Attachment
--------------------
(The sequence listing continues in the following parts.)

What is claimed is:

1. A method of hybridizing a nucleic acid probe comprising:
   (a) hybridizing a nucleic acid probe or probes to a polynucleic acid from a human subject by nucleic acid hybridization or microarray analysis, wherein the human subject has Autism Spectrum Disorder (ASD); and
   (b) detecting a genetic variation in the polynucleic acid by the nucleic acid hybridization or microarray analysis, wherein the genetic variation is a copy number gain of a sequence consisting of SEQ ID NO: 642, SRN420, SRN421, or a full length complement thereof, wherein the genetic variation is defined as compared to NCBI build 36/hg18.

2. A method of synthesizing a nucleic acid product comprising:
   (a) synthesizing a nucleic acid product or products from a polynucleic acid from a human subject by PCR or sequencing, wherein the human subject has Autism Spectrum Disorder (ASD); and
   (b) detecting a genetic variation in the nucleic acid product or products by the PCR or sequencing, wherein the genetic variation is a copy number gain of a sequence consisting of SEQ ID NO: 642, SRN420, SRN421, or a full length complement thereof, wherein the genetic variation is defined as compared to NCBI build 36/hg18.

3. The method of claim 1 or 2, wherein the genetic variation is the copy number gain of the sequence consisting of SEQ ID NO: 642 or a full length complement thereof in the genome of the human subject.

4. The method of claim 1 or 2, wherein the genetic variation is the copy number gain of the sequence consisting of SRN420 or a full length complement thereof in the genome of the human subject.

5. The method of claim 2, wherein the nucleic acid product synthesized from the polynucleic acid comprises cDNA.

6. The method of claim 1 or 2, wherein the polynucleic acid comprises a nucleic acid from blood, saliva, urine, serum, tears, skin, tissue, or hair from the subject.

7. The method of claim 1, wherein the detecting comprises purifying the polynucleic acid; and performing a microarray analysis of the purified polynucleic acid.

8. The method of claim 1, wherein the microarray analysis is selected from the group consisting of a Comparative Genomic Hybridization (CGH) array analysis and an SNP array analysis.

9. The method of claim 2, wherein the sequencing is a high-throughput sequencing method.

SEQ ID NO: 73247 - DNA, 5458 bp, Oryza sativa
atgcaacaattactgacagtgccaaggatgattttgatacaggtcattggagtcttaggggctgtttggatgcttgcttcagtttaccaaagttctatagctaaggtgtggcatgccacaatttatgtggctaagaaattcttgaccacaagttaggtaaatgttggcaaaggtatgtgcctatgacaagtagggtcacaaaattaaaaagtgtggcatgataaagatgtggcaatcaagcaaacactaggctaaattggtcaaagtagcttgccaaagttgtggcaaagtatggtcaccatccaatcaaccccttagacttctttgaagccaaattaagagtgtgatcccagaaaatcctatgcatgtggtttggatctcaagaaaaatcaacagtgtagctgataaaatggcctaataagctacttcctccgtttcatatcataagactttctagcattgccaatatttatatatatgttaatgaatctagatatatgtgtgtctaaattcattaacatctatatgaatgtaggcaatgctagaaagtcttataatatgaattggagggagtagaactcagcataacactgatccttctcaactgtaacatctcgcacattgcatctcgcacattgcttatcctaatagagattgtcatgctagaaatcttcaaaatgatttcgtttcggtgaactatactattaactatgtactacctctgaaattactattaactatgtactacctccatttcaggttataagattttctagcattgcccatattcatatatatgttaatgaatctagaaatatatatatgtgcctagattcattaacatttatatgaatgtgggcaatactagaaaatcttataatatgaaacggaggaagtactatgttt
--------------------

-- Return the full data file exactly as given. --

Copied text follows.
(The sequence listing continues in the following parts.)

What is claimed is:

1. A method of hybridizing a nucleic acid probe comprising:
   (a) hybridizing a nucleic acid probe or probes to a polynucleic acid from a human subject by nucleic acid hybridization or microarray analysis, wherein the human subject has Autism Spectrum Disorder (ASD); and
   (b) detecting a genetic variation in the polynucleic acid by the nucleic acid hybridization or microarray analysis, wherein the genetic variation is a copy number gain of a sequence consisting of SEQ ID NO: 642, SRN420, SRN421, or a full length complement thereof, wherein the genetic variation is defined as compared to NCBI build 36/hg18.

2. A method of synthesizing a nucleic acid product comprising:
   (a) synthesizing a nucleic acid product or products from a polynucleic acid from a human subject by PCR or sequencing, wherein the human subject has Autism Spectrum Disorder (ASD); and
   (b) detecting a genetic variation in the nucleic acid product or products by the PCR or sequencing, wherein the genetic variation is a copy number gain of a sequence consisting of SEQ ID NO: 642, SRN420, SRN421, or a full length complement thereof, wherein the genetic variation is defined as compared to NCBI build 36/hg18.

3. The method of claim 1 or 2, wherein the genetic variation is the copy number gain of the sequence consisting of SEQ ID NO: 642 or a full length complement thereof in the genome of the human subject.

4. The method of claim 1 or 2, wherein the genetic variation is the copy number gain of the sequence consisting of SRN420 or a full length complement thereof in the genome of the human subject.

5. The method of claim 2, wherein the nucleic acid product synthesized from the polynucleic acid comprises cDNA.

6. The method of claim 1 or 2, wherein the polynucleic acid comprises a nucleic acid from blood, saliva, urine, serum, tears, skin, tissue, or hair from the subject.

7. The method of claim 1, wherein the detecting comprises purifying the polynucleic acid; and performing a microarray analysis of the purified polynucleic acid.

8. The method of claim 1, wherein the microarray analysis is selected from the group consisting of a Comparative Genomic Hybridization (CGH) array analysis and an SNP array analysis.

9. The method of claim 2, wherein the sequencing is a high-throughput sequencing method.

SEQ ID NO: 73247 - DNA, 5458 bp, Oryza sativa
atgcaacaattactgacagtgccaaggatgattttgatacaggtcattggagtcttaggggctgtttggatgcttgcttcagtttaccaaagttctatagctaaggtgtggcatgccacaatttatgtggctaagaaattcttgaccacaagttaggtaaatgttggcaaaggtatgtgcctatgacaagtagggtcacaaaattaaaaagtgtggcatgataaagatgtggcaatcaagcaaacactaggctaaattggtcaaagtagcttgccaaagttgtggcaaagtatggtcaccatccaatcaaccccttagacttctttgaagccaaattaagagtgtgatcccagaaaatcctatgcatgtggtttggatctcaagaaaaatcaacagtgtagctgataaaatggcctaataagctacttcctccgtttcatatcataagactttctagcattgccaatatttatatatatgttaatgaatctagatatatgtgtgtctaaattcattaacatctatatgaatgtaggcaatgctagaaagtcttataatatgaattggagggagtagaactcagcataacactgatccttctcaactgtaacatctcgcacattgcatctcgcacattgcttatcctaatagagattgtcatgctagaaatcttcaaaatgatttcgtttcggtgaactatactattaactatgtactacctctgaaattactattaactatgtactacctccatttcaggttataagattttctagcattgcccatattcatatatatgttaatgaatctagaaatatatatatgtgcctagattcattaacatttatatgaatgtgggcaatactagaaaatcttataatatgaaacggaggaagtactatgttt